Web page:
John Grade’s sculpture Capacitor is an immense, immersive piece designed to, as he puts it, “encapsulate the viewer.” As visitors walk inside the 40- x 20- x 40-foot sculpture, made of fabric stretched over metal frames, it moves, lightens and darkens.
Capacitor was conceived and built in a mere two months and was exhibited at the Kohler Arts Center in Sheboygan, Wisconsin in 2013.
The sculpture responds to information from weather sensors outside the Arts Center, slowly twisting and shifting to changes in wind direction and temperature. The live weather data are correlated to historic data, so the greater the divergence from historical norms, the more the sculpture moves, and the more dramatic the shifts in light.
Grade says he hopes people come away from the installation “having experienced something about the outside environment in a new way, having experienced it with their bodies.”
You can see more photos and other projects by John Grade on his website.
Air guitar a little low-tech for you? Try Simon Blackmore’s Weather Guitar, a robotically-controlled flamenco guitar that responds to variations in weather conditions. Blackmore says that the electronic guts of the Weather Guitar, currently on view at the Aldrich Contemporary Arts Museum in Connecticut, were designed to be as flexible and open as possible, so it could be shown (and heard) in many different settings.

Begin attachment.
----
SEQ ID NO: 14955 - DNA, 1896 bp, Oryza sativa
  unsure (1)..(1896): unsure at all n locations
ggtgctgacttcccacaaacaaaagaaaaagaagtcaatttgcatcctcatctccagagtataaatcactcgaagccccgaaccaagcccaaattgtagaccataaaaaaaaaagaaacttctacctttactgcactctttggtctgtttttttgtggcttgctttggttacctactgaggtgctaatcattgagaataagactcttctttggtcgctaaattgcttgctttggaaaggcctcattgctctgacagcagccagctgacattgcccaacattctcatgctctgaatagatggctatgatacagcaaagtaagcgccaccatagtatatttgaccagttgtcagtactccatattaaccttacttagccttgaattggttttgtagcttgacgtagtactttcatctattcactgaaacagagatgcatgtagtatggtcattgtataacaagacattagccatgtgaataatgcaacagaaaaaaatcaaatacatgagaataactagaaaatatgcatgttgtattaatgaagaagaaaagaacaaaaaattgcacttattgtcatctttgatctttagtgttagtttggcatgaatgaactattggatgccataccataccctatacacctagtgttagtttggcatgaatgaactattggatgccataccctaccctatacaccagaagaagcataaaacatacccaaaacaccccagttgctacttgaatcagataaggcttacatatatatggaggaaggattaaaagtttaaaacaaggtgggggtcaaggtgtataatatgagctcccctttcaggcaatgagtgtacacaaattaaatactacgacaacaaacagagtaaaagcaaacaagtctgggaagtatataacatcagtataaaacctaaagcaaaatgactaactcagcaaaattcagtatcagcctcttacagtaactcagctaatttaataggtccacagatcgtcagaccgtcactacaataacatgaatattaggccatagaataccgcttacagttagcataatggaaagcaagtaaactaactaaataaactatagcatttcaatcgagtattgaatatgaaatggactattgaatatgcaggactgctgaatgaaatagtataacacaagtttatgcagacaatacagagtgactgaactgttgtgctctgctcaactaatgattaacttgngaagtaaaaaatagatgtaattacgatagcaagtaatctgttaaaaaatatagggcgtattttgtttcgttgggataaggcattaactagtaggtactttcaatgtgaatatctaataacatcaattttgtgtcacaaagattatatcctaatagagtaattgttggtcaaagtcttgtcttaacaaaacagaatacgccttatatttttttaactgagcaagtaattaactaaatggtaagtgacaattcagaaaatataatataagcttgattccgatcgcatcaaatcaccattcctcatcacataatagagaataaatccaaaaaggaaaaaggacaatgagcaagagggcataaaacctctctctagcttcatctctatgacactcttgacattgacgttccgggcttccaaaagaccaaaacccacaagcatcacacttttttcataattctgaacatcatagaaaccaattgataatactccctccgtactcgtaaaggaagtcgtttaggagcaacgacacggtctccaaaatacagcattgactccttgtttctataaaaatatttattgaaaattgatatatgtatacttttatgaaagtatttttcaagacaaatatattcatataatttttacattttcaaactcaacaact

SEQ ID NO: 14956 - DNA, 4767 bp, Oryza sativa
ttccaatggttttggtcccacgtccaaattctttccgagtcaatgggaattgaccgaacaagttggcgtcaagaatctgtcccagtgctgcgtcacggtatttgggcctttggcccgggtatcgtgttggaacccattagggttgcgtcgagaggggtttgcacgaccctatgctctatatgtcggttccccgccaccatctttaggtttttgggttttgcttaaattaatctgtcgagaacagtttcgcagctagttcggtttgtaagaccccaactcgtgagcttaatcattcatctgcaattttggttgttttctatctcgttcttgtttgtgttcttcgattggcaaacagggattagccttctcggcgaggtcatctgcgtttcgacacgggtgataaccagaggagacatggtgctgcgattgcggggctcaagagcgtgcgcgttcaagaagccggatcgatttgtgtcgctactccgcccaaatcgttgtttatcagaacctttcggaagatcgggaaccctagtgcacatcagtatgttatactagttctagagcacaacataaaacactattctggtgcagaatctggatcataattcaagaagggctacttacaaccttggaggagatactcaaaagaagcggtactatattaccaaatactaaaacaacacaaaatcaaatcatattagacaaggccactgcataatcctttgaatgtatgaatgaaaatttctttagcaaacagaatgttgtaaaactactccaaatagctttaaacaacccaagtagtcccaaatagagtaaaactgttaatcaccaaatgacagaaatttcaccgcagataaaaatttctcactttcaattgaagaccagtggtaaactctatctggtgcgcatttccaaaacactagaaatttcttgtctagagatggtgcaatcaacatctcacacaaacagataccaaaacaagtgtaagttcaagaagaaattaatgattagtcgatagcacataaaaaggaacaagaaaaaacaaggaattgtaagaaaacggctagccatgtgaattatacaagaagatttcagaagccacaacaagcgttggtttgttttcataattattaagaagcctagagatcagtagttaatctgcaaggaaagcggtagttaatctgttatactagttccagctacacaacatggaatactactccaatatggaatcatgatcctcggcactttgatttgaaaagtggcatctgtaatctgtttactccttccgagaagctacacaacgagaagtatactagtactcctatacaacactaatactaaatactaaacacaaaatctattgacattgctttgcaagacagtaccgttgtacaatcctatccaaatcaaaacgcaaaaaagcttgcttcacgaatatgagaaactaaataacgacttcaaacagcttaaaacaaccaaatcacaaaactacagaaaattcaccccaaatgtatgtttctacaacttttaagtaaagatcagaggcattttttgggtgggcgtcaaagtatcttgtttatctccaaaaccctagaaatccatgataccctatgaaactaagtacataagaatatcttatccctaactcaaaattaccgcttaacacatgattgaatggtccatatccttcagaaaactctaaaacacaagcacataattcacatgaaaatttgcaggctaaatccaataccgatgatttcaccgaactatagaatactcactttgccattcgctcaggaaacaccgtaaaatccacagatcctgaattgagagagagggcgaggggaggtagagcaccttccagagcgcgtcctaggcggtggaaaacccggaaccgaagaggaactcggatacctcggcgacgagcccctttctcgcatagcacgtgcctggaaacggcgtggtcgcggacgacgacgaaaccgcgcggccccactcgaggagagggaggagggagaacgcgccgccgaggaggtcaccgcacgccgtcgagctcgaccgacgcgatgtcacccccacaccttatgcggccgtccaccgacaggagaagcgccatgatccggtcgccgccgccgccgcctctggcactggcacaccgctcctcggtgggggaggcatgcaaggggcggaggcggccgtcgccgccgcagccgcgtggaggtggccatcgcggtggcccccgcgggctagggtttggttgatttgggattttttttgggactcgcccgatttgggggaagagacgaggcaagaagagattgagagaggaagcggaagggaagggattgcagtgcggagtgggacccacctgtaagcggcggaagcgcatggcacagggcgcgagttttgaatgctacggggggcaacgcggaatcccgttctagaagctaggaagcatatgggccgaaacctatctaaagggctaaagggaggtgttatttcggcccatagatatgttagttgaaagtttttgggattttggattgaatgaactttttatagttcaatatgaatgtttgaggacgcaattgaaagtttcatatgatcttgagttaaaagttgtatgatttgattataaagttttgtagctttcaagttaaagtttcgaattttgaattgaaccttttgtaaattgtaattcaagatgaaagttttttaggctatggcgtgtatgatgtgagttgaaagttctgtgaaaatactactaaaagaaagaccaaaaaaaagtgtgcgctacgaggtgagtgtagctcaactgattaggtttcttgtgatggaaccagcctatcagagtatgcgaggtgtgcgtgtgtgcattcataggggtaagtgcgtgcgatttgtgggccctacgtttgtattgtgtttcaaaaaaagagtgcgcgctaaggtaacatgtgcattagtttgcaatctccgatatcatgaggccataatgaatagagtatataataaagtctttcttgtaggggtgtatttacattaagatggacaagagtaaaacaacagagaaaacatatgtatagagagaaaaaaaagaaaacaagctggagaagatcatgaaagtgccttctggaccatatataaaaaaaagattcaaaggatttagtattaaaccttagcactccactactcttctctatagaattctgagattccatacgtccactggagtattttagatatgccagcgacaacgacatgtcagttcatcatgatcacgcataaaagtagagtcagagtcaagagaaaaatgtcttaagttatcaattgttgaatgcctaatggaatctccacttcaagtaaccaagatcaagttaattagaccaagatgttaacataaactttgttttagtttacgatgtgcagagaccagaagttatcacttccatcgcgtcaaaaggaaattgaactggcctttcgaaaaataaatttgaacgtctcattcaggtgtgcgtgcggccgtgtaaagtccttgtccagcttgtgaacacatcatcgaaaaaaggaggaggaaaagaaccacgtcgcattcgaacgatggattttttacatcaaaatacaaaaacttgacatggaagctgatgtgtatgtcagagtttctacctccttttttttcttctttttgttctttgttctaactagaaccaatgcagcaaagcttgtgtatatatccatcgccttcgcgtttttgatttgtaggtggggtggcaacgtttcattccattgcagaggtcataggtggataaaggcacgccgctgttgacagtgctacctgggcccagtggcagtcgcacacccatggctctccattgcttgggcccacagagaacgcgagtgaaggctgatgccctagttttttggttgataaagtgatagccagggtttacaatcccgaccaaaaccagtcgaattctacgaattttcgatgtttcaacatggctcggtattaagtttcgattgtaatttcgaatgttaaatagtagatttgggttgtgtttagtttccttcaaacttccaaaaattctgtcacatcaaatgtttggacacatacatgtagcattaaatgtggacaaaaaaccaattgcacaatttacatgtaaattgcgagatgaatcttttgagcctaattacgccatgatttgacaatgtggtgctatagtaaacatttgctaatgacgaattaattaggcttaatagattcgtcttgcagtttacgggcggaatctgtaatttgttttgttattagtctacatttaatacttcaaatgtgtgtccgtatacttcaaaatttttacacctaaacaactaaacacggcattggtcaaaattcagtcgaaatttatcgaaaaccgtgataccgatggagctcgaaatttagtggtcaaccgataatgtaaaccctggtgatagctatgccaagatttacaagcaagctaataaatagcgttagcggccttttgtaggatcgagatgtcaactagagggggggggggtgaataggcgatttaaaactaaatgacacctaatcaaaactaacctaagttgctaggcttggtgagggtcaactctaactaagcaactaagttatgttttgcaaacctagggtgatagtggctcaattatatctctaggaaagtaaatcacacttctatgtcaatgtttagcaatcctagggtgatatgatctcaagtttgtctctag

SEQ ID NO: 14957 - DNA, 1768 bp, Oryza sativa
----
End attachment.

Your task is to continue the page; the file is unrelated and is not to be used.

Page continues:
The Aldrich Museum’s Richard Klein explains: “Blackmore’s work is characterized by an inventive, DIY approach that draws on influences such as hobby-style electronics, open-source software, and lo-fi aesthetics. The resulting “performative” sculpture and installations are not, however, just about revealing the inner workings of things that are usually invisible, but rather an attempt to tackle the more philosophically thorny questions that surround our increasingly complicated relationship with technology and the power it holds over us.”
Blackmore himself describes the goal of the piece as “an attempt to draw parallels between the scientific inquiry of measuring and quantifying the natural elements, and the romantic notion of the weather acting as a source of artistic inspiration.”